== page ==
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DAVOS, Switzerland (Reuters) - The world turned its spotlight on attention-shy China at this year's gathering of business chiefs and policymakers, pleading it to lead a global recovery and wave its wand to solve economic imbalances.
It got a halfway positive response.
China sent its biggest ever delegation of 54 executives to Davos, with a keynote speech from Vice Premier Li Keqiang and panel appearances from the deputy central bank governor and the head of the country's biggest investment bank, symbolizing its status as a fully-fledged member of the world economy.
Despite that, the Chinese did their best to keep a low profile at the World Economic Forum, while firmly saying they would move at their own pace and on their terms and demanding the rest of the world pull its weight too.
China is trying to be a good citizen. Vice Premier Li and deputy central bank governor Zhu Min both pledged that Beijing would stick with moderately easy monetary policy even as the world's third largest economy is growing rapidly.
By not curbing its runaway growth too aggressively, China is keeping the engine of world growth running and trying to spur domestic demand -- a move which will help to correct global imbalances.
This stance won praise from senior officials, including the Group of 20 envoy from South Korea, this year's chair of the global forum, and International Monetary Fund chief Dominique Strauss-Kahn.
But China does not want to rush.
Asked about Beijing's credibility given that it made the same promises of addressing imbalances four years ago, Zhu Min said: "It's a long process, it's not an overnight thing. It will probably take another 5 years or 4 years. You will see improvement day by day, year by year.
"We need global coordination on structural change ... for us to increase consumption and for others to increase consumption or to increase savings," he said.
The West is keen on China to play a bigger leadership role. It may even secretly envy China's command economy.
"The world wants to hand the baton off to China," said Stephen Schwarzman, chief executive of Blackstone.
"One reason why the West looks at China and perhaps overvalues its ability to be a global leader is simply the fact that it can make decisions when other parts of the world know what the problems are but can't quite get there in terms of making decisions."
China has started taking a role not just as the world's growth leader but also with other pressing global issues, such as climate change.
Li said China would tackle climate change and ensure that economic growth became more efficient with regards to the use of resources and environmental concerns.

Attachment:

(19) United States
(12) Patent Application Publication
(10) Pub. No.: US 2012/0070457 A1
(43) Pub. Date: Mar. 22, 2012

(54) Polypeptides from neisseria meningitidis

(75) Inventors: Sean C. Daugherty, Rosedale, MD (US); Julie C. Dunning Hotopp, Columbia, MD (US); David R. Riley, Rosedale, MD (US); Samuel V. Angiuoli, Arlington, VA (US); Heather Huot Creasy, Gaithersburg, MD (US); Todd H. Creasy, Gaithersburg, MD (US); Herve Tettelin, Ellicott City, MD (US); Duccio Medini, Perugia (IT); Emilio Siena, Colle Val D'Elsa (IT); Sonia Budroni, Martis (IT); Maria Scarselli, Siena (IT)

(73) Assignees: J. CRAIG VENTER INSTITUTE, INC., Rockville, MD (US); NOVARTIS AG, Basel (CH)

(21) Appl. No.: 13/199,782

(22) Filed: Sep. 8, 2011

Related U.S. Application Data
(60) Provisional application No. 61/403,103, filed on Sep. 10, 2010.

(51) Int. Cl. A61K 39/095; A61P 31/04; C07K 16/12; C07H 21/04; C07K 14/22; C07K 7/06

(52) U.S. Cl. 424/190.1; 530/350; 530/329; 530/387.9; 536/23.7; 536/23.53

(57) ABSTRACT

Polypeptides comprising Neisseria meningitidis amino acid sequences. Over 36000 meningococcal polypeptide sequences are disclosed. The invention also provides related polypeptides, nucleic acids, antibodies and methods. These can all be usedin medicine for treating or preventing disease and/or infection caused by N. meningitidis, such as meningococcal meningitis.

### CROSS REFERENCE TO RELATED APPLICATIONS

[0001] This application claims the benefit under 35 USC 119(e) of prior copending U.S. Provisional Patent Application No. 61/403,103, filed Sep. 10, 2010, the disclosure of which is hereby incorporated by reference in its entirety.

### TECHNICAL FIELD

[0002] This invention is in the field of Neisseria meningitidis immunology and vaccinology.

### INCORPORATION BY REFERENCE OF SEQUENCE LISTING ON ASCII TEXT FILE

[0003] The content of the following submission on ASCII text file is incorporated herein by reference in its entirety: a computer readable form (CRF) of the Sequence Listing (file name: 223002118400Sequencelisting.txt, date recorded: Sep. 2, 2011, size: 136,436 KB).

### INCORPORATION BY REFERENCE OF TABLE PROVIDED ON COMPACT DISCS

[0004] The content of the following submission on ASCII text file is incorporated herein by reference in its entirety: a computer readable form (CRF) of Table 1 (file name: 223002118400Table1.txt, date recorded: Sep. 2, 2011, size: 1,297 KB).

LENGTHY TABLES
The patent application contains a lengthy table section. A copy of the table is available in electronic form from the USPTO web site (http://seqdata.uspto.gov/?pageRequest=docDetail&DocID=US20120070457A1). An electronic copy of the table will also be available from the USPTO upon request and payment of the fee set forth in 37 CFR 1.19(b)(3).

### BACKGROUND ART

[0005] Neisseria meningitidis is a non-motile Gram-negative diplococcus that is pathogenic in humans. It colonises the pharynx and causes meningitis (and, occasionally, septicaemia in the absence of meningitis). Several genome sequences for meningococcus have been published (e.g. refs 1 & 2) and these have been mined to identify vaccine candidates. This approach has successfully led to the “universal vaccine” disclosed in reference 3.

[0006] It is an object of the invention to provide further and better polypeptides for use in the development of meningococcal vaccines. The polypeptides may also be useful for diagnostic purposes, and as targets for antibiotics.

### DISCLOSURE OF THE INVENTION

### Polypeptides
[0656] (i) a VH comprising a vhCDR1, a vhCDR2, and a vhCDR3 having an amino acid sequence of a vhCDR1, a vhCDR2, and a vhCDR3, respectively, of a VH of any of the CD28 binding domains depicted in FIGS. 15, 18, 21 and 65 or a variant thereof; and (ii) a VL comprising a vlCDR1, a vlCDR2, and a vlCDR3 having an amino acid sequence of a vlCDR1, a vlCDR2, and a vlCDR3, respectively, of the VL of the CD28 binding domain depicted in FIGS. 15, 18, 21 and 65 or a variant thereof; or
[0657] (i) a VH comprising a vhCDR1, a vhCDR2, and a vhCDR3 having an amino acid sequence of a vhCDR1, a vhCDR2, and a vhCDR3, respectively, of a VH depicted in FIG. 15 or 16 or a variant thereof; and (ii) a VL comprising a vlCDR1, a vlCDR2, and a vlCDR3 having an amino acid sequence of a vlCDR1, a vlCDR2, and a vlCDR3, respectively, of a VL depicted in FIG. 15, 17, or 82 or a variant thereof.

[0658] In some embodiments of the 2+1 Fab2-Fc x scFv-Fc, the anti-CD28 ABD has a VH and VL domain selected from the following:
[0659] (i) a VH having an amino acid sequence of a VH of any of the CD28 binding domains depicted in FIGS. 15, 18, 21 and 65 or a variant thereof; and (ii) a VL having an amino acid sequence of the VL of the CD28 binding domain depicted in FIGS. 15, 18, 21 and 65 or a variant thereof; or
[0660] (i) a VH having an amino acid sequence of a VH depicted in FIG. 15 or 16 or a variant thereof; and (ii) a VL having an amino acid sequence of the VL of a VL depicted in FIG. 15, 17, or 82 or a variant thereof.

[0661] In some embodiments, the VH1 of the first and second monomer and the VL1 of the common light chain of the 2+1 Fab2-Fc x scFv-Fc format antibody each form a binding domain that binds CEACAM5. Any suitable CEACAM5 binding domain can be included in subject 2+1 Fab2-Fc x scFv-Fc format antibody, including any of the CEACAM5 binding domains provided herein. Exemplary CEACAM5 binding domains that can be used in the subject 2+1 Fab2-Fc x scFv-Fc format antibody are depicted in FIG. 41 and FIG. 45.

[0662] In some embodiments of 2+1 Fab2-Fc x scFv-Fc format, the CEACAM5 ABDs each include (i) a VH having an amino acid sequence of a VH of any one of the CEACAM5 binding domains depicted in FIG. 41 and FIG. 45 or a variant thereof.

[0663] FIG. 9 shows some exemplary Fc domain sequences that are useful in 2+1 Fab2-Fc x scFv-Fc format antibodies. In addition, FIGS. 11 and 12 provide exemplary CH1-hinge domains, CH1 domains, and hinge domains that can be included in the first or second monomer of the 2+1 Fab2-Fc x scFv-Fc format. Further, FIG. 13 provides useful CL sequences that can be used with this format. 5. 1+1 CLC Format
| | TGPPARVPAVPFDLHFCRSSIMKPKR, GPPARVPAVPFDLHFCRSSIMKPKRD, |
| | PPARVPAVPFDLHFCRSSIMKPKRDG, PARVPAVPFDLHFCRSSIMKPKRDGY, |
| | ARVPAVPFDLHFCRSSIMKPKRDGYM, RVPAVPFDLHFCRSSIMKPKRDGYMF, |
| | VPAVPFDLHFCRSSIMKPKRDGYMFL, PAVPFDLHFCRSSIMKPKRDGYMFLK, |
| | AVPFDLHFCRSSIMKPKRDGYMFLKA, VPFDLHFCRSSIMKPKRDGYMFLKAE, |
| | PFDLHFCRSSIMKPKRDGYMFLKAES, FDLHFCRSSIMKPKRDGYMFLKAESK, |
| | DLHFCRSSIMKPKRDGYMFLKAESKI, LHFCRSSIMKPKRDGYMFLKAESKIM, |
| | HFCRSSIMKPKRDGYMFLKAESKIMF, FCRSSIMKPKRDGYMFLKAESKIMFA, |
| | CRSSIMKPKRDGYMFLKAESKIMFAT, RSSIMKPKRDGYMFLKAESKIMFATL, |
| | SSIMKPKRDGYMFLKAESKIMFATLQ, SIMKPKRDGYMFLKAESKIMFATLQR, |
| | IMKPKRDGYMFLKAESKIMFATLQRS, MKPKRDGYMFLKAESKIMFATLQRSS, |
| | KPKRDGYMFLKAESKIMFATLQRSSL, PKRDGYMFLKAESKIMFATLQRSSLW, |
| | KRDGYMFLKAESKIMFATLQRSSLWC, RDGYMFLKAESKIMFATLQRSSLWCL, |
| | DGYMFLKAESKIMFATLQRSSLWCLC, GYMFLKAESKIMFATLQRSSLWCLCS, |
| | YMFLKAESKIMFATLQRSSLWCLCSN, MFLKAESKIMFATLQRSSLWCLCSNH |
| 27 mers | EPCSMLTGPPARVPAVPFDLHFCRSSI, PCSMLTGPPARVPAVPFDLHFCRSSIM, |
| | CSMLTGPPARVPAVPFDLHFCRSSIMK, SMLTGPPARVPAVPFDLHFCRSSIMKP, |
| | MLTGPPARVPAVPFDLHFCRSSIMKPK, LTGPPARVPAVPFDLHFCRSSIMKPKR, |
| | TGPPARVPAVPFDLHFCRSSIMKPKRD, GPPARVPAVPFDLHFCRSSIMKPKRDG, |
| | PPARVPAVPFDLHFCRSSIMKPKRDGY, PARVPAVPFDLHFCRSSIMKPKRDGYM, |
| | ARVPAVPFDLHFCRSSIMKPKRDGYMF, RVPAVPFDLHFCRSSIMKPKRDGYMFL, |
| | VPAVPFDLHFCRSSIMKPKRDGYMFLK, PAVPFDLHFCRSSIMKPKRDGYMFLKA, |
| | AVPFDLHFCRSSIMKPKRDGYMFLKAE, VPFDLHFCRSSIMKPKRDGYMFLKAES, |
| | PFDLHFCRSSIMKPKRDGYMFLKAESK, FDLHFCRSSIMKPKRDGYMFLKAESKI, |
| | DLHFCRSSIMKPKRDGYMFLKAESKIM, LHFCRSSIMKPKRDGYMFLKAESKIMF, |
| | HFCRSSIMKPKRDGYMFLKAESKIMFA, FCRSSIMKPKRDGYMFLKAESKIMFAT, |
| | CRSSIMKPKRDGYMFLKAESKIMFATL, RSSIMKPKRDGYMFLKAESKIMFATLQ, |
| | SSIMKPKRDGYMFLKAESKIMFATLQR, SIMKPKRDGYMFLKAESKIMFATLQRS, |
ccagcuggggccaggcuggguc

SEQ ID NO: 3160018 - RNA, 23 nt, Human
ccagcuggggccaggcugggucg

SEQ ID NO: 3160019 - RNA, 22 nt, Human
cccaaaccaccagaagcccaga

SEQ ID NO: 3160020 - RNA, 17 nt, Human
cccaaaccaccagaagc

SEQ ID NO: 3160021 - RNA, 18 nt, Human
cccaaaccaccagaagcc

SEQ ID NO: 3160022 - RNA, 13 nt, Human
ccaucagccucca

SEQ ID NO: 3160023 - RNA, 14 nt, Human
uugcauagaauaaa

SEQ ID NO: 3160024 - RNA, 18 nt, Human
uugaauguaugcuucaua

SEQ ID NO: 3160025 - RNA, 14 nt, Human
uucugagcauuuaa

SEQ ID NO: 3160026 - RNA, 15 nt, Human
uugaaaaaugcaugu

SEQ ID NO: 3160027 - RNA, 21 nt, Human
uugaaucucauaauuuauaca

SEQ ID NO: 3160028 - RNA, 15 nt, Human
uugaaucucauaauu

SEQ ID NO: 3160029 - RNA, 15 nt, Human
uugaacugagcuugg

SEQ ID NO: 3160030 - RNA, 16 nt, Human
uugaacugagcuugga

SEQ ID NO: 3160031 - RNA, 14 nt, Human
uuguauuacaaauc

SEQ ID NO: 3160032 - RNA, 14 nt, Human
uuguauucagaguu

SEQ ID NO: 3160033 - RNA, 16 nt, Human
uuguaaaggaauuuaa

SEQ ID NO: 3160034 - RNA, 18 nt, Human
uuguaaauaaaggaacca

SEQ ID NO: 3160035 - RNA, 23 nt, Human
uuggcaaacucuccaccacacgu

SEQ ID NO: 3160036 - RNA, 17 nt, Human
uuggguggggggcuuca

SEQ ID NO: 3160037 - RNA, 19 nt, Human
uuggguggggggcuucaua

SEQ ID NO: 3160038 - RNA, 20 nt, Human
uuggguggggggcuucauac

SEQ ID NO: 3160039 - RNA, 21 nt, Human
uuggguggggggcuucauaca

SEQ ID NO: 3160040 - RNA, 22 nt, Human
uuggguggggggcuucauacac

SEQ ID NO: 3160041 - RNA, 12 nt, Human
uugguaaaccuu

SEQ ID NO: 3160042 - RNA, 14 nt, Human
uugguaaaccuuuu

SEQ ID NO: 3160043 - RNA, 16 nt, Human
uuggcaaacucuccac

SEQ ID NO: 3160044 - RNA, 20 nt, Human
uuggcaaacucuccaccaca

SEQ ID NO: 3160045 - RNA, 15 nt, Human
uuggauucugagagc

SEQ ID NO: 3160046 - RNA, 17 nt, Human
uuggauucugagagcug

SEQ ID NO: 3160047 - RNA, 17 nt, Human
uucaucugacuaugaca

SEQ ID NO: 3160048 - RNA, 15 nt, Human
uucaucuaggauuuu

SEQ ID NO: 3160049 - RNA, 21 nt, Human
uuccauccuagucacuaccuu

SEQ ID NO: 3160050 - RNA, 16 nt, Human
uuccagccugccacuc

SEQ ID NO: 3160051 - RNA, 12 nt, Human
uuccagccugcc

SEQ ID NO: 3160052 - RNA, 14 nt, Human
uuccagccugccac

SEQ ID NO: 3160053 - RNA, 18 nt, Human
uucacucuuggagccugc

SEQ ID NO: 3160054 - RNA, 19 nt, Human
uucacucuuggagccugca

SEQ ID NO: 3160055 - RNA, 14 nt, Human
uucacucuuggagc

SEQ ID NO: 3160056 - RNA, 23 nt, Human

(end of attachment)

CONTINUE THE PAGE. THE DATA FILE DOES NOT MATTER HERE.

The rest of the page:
"The Chinese position has been quite positive and even in the climate change area it became more flexible," Il Sakong, South Korea's chief G20 envoy and presidential adviser, said.
But despite its meteoric growth, rural parts of China are still struggling with poverty and underdevelopment, suggesting that Beijing will want to focus on problems at home first and foremost.
Li Daokui, Director of the Center for China in the World Economy at Tsinghua University, said China was like the 16-year-old prodigy basketball player Yao Ming -- who is already two meters tall but very young and going through growing pains.
"The height is there. However, the muscle isn't there. The skills, the capacity isn't there and moreover, the reading ability of the rules of the game isn't there," Li said.
"We are very busy dealing with domestic issues."
The power shift toward the East will also transfer decision-making authorities away from the G7 to G20.
However, the consequences might not be all good, with power more evenly distributed in a multi-polar world. "One must expect in such a situation there will be more consolidation but more difficulty to arrive on any consensus. Therefore economic growth will slow down," Tony Tan, chairman of Government of Singapore Investment Corp, said.
"It's not a very optimistic prospect. When countries are rising, developing, it's not a stable situation and I think the world will be forcibly a more uncomfortable place in years ahead."
Any number of potential flare-ups -- such as recent rifts between Beijing and Washington -- could also jeopardize the willingness of China and the West to work together.
China threatened on Saturday to impose sanctions on U.S. arms firms and cut cooperation with Washington unless it cancels a newly-announced $6.4 billion arms sale to Taiwan, in an unprecedented move signaling China's growing global power.
The dispute deepens a rift with Washington, which already encompasses trade, currency, Tibet and the Internet.
Editing by Mike Peacock